There was also something wonderfully droll about seeing Mac Erlaine enter the space, take his seat before a microphone, wait for his cue, play a brief series of notes, and pause a moment before leaving, never to return. But that is how nature works. 

As some wag once said, it takes a lot of work to be this spontaneous and Invitation to Wander is a complex piece of many moving parts. All the performers wore digital timers on their wrists and some had time-code sequences on wrist cuffs providing further cues. Though unable to discern it in the dark I understand they were also wearing aural speakers in their ears. This guided improvisation has been a feature of Power’s work in recent years.

Nevada and Sahara
We were then ushered into the next space – the desert! Located under a high roof and landing and enclosed by white drapes, the place had an appropriate acoustic spaciousness. We were treated to audio sourced from a number of deserts, which included the Nevada and the Sahara. An image of desert mountains stretching back as far as the eye could see was projected on a wall and O’Keefe’s trombone added a husky tone to the mournful sound of the wind and crumbling sand. 

Other environments included the Garig Gunak Barlu National Park in the Australian Outback (a unique wetlands and marine park recorded during the dry season of July 2018, according to the notes) and Svalbard at the High Arctic archipelago.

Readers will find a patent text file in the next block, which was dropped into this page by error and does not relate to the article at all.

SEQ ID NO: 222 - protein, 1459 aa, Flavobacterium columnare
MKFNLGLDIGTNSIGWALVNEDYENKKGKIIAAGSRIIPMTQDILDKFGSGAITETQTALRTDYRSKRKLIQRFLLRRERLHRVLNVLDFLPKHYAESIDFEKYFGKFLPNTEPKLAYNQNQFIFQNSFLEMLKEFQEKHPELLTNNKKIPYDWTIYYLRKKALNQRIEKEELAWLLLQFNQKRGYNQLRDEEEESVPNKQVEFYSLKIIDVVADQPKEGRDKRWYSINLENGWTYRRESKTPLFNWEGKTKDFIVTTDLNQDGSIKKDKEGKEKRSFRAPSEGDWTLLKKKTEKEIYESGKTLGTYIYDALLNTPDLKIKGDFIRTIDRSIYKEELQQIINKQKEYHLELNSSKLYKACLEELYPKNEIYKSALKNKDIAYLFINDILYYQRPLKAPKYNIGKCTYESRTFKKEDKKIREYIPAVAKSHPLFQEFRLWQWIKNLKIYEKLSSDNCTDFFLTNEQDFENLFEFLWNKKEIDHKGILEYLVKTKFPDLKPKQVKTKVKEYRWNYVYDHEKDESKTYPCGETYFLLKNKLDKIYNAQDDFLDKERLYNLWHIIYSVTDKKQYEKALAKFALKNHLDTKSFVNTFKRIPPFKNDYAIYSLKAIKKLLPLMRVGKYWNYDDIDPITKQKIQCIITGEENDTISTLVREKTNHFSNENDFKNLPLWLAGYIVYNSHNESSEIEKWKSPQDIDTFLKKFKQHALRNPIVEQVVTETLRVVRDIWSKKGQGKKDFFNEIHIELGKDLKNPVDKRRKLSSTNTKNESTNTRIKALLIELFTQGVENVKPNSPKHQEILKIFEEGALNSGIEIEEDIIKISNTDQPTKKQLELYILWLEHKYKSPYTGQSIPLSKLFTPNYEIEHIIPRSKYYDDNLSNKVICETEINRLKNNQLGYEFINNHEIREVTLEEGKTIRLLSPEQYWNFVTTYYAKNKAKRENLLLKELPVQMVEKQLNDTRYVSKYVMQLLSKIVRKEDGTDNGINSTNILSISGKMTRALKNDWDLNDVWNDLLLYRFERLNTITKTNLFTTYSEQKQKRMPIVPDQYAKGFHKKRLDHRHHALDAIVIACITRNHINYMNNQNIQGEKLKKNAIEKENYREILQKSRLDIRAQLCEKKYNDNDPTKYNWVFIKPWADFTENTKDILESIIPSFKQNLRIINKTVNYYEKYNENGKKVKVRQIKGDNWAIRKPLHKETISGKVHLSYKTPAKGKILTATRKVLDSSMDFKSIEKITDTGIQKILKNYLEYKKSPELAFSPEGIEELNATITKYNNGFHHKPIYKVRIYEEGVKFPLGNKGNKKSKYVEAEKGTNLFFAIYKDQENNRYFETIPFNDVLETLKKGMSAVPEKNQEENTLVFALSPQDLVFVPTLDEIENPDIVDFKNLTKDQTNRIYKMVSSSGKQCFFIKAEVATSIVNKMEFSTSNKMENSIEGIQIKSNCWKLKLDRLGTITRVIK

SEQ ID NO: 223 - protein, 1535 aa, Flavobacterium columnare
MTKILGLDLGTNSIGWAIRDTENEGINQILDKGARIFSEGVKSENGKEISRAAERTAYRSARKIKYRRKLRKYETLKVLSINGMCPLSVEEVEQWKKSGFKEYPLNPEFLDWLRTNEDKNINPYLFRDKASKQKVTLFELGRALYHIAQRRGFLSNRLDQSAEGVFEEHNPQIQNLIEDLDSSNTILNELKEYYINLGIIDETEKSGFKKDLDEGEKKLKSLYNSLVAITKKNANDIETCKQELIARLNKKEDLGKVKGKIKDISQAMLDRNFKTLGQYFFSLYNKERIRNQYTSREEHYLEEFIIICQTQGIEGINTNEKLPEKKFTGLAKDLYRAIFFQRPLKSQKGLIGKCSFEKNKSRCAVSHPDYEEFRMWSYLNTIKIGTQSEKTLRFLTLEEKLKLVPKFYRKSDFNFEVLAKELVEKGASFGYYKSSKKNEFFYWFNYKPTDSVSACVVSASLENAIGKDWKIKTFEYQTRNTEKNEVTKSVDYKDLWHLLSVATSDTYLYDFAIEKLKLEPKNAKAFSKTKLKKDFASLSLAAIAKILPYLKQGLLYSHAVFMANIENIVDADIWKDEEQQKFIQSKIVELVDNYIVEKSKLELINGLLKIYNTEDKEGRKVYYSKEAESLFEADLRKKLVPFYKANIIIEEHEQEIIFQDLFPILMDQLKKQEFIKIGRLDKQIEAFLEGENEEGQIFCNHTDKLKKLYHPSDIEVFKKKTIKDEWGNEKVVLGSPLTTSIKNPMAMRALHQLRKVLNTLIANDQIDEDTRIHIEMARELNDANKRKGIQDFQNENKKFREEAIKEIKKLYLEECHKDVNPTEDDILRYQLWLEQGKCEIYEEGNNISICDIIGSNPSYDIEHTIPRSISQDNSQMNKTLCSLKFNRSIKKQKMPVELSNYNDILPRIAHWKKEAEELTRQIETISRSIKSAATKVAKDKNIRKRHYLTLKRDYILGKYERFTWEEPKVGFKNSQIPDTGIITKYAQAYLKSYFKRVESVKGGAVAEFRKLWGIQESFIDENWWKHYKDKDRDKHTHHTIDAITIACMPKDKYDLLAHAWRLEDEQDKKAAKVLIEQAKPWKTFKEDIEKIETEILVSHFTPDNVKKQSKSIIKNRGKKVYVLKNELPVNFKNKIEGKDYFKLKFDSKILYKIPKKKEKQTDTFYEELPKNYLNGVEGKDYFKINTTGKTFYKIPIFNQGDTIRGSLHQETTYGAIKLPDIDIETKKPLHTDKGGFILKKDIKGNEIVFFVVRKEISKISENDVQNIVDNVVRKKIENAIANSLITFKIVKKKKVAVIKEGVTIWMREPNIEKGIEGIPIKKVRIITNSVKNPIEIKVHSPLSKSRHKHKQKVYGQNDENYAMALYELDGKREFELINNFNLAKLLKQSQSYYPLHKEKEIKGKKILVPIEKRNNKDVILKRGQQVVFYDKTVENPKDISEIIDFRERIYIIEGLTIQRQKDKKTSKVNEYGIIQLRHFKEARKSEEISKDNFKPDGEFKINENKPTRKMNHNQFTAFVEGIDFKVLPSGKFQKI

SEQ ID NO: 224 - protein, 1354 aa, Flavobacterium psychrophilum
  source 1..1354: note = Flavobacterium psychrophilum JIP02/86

We completed our navigation of the sonic maze, if not the globe, back in what felt like the Amazon. But this time it was different. The sound of rainfall permeated the space; the atmosphere felt heavy. Like the Arctic recordings, it felt more enveloping and truly immersive. I guess the rain does that. And in the Arctic, we are not just hearing sounds in an expanse of space but hearing the circulatory system of ancient hunks of compacted ice heaving and creaking and pressurised water, a lingua franca of sounds translated by carefully plucked bass and studiously bowed cello. Sound feels tangible.

Rapport
The final room saw de Ziah play high-pitched notes while O’Rourke stretched herself with extended vocal techniques, creating such a rapport as to make one think we were eavesdropping on an imagined conversation between two creatures of different species. 

I have not yet mentioned the ten-piece sound choir who entered some of the spaces like a flock of birds, in triangular formation, making shushing and whooshing sounds as they moved through. Curiously I found they did more to suggest a human presence then the vocalisations of Wassermann and O’Rourke and the musicians of the Quiet Music Ensemble. Perhaps that was due to the ostensibly more performative and physicalised nature of their work. Whether that was a desirable thing or not felt entirely subjective. What wasn’t in doubt was the necessity of the durational aspect of the performance. 

Some unseen viewer
If
Invitation to Wander was a behavioural test and we were the proverbial mice in the maze watched by some unseen viewer then we eventually found our reward, our metaphorical piece of cheese. The earlier stage saw my fellow wanderers occupy the periphery of the rooms, where seats and cushions were placed, but by the final room, two of them felt relaxed enough to stretch out on their backs and knees akimbo. I too felt sufficiently drawn by the pull of the sound to move tentatively towards the centre of the room, all the better to lose myself in this world. 

Emerging blinking into the still bright evening and the courtyard with its mixture of tall asymmetrical buildings and pockets of flora, I found a pool of palpable quiet. It felt fitting that this once belonged to a convent, a crucible of contemplation, an oasis in a city which I could hear anew. 

For more on Karen Power’s work, visit: http://www.karenpower.ie

Published on 3 July 2019

Don O'Mahony is a freelance arts journalist based in Cork.